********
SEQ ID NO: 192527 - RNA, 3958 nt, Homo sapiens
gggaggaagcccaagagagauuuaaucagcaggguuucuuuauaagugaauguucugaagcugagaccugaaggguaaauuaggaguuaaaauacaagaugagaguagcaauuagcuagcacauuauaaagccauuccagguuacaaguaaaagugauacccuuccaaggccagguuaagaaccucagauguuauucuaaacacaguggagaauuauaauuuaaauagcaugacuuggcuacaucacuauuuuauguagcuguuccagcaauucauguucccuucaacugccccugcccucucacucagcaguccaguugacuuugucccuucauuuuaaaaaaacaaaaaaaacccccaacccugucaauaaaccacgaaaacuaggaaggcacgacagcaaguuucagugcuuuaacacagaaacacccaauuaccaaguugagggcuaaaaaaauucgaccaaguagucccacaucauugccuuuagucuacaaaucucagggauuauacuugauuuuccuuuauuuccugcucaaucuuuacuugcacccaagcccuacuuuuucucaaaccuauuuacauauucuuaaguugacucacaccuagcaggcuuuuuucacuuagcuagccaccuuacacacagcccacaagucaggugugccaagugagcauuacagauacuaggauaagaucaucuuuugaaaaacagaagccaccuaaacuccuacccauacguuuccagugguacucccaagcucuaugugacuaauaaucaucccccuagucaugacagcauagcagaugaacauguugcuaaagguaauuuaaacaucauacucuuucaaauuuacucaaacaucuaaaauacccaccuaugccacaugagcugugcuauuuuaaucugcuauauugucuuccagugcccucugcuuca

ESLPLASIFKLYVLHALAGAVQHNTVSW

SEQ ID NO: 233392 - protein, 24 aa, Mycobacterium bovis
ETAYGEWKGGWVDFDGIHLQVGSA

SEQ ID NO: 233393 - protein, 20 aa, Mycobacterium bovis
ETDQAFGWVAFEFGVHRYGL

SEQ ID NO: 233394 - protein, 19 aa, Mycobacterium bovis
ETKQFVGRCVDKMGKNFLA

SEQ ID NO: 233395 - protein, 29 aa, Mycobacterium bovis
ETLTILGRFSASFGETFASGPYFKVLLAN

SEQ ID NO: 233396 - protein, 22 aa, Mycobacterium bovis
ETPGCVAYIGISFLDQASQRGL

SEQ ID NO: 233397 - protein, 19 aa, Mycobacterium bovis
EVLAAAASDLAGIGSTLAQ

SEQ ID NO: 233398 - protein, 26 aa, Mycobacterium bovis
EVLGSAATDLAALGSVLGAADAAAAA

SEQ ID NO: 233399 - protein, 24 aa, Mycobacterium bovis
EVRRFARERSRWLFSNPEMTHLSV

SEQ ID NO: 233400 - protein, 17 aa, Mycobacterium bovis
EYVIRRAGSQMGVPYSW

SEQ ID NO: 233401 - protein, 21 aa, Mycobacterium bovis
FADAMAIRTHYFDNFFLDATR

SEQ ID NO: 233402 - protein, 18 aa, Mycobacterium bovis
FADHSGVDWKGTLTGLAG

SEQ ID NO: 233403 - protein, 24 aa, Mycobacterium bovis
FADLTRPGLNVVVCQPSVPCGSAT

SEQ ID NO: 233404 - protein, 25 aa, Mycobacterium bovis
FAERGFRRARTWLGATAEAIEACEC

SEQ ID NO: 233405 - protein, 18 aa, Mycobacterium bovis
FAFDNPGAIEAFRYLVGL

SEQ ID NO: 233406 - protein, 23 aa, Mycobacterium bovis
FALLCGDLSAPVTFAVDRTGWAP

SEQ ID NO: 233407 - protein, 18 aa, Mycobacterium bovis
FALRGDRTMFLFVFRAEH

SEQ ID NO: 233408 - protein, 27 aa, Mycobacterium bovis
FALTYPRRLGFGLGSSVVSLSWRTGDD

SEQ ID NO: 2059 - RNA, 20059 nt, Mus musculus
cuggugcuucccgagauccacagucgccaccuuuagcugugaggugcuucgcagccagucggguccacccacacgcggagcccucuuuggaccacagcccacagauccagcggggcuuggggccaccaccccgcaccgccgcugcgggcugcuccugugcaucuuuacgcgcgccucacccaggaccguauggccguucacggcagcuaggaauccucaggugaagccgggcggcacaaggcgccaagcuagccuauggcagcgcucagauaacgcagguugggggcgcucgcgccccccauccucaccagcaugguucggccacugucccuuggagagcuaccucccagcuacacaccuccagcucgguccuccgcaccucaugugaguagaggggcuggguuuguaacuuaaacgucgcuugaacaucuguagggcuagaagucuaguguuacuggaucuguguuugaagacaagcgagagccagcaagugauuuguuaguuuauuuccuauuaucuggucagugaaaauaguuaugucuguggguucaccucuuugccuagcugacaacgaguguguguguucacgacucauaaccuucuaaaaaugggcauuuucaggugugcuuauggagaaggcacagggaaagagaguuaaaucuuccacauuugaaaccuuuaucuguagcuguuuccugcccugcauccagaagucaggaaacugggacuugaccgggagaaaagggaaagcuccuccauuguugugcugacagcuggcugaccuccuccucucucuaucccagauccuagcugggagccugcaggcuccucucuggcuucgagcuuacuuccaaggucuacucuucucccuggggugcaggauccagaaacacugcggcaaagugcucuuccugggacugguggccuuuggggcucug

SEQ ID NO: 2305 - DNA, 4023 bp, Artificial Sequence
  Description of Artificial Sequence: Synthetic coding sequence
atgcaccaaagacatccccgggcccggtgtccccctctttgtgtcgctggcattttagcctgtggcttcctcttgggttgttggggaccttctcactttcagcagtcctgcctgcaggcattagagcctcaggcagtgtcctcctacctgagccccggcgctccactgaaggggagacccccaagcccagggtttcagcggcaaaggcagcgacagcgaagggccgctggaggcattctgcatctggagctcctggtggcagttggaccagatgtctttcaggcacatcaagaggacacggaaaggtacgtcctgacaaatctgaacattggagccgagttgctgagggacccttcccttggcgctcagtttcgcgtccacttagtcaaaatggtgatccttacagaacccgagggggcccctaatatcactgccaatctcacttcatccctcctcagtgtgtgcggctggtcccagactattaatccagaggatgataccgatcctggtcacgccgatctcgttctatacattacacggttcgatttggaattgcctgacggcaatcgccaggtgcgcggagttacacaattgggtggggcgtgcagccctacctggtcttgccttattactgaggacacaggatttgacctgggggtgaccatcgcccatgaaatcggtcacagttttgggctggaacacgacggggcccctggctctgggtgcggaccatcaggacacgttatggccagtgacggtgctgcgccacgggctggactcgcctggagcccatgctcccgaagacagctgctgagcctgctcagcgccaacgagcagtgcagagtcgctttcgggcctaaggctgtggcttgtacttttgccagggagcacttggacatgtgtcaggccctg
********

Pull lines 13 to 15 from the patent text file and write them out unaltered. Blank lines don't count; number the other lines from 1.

ETPGCVAYIGISFLDQASQRGL

SEQ ID NO: 233397 - protein, 19 aa, Mycobacterium bovis
EVLAAAASDLAGIGSTLAQ